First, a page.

By Darryl Mason
I find it absolutely bizarre that the Daily Telegraph would slam March In May protesters in Sydney as "revolting ferals." It's very clear what the headline and image is implying. Protest against PM Abbott, and you're nothing more than a Feral.
Uni students, and 'anarchists', or ferals if you want to go that far, made up a tiny percentage of the 15,000 to 20,000 marchers in Sydney last Sunday. 5 per cent at most, probably less.
I stood near the entrance to Victoria Park at the conclusion of the march and watched more than 10,000 people walk by over an hour. Families, elderly people, disabled people, 'Mosman Mum's', lots of people from western Sydney, it was more like a crowd at the Royal Easter Show than a traditional 'Lefty Students' protest. There were at least 1000 kids, many with signs they'd made themselves. And most of the protest signs I saw were funny, or heartbreaking, very few were insulting to Abbott in any way. Most just asked variations of 'Why Did You Lie To Us? Why Are You Punishing Us? What Did We Do?'
The Daily Telegraph's "Revolting Ferals" front page seems to have pissed off and disgusted many of the families who turned out for March In May. Not surprisingly.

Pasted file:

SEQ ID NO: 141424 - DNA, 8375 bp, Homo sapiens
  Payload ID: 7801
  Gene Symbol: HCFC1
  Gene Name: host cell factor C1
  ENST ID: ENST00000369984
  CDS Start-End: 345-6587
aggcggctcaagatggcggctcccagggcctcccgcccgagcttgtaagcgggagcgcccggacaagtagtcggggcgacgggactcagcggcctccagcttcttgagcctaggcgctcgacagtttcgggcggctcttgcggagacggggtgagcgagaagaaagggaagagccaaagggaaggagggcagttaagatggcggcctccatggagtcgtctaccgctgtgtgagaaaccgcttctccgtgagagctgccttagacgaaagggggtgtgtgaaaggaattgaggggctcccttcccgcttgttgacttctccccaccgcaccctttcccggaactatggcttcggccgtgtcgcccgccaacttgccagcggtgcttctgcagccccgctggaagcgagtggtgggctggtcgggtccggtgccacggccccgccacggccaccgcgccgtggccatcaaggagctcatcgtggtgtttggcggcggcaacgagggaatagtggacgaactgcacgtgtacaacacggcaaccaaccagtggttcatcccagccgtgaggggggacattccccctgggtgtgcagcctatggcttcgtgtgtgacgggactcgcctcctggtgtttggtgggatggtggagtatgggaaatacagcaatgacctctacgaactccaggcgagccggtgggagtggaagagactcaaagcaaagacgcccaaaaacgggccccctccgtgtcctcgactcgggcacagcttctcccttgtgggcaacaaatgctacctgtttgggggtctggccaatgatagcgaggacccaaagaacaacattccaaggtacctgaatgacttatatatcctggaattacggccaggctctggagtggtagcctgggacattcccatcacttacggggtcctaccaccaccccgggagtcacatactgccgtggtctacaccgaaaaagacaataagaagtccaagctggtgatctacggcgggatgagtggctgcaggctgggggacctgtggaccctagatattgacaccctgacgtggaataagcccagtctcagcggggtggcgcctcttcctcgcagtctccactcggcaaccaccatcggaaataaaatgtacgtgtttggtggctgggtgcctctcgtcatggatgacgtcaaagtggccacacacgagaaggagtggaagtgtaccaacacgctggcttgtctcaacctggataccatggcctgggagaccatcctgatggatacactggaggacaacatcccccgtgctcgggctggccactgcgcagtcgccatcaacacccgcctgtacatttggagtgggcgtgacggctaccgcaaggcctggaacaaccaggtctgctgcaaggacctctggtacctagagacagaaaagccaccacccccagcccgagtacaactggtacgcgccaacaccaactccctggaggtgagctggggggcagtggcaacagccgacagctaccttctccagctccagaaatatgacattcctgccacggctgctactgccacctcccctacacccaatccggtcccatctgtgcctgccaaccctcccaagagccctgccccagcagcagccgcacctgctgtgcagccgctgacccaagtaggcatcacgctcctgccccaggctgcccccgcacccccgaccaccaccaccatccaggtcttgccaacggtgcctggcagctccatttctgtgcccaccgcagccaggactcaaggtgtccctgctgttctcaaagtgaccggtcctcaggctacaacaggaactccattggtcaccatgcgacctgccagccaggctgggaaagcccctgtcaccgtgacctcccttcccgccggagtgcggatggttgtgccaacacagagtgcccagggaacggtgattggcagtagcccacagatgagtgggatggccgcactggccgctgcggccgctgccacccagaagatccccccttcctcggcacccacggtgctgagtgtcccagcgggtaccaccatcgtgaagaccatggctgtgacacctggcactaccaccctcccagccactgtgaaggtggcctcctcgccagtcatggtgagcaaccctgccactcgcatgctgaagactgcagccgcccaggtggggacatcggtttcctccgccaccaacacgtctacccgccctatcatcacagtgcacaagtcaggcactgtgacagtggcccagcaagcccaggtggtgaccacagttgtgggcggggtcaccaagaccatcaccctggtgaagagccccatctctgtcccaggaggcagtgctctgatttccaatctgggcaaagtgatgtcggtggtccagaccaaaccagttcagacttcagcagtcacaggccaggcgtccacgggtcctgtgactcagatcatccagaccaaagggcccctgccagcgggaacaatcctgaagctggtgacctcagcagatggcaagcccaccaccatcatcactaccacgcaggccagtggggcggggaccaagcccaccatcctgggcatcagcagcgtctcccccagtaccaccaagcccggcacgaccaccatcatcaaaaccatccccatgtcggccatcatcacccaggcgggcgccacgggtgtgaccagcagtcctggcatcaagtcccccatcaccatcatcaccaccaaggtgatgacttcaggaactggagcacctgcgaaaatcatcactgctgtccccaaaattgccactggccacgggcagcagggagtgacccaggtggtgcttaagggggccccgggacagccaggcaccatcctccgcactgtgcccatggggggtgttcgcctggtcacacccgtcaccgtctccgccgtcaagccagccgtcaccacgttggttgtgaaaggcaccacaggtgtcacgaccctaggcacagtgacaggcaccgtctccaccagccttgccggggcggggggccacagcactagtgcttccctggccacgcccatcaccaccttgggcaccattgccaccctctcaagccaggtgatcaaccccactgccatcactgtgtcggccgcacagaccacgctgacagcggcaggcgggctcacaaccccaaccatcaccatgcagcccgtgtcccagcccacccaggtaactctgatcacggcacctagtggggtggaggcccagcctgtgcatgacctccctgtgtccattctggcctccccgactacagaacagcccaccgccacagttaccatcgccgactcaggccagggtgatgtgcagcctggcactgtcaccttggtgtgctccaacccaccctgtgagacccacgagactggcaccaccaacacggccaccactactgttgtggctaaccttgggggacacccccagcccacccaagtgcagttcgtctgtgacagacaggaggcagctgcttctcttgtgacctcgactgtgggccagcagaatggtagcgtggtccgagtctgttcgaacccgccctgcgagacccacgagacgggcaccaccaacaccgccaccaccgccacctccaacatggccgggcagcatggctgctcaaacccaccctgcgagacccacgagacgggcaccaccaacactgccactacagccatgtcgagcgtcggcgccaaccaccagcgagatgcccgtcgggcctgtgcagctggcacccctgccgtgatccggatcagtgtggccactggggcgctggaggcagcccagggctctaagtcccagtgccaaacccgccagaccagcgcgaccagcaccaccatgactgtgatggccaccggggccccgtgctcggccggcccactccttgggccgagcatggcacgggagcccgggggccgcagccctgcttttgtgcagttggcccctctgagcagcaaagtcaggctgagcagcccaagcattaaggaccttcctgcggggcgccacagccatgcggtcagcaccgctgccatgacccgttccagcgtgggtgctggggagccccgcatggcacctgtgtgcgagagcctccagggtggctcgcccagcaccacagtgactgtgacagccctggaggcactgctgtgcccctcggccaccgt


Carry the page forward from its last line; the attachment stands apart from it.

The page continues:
|Image via @NewsAustralia|
Reaction on Facebook and Twitter is absolute disbelief, and disgust, and strong feelings of betrayal, that the Daily Telegraph would brand them as "revolting ferals" simply because they are opposed to Abbott government lies, budget cuts and backflips on very clear election promises. People were carrying copies of the Telegraph under their arm to read in the park. Then they get called "Ferals" on the front page the next day?
Seriously, talk about burning your readership.
Who does the Daily Telegraph think will buy the paper when they trash families from Western Sydney?
Just bizarre. But it does show just how out of touch the Daily Telegraph's editor Paul Whittaker is with his dwindling readership.
Here's Whittaker laughing it up with Tony Abbott on Budget Night, before his newspaper gave Budget 2014 mostly glowing coverage and headlines:
|Prime Minister Tony Abbott and Daily Telegraph editor Paul Whittaker, Budget night 2014|
Perhaps sucking up to the prime minister is more important to Daily Telegraph editor Paul Whittaker than fairly representing his readership? Or putting into print their overwhelming shock and disgust at the deceptive way Abbott ran his election campaign, and the brutal punishment of families in his first budget.
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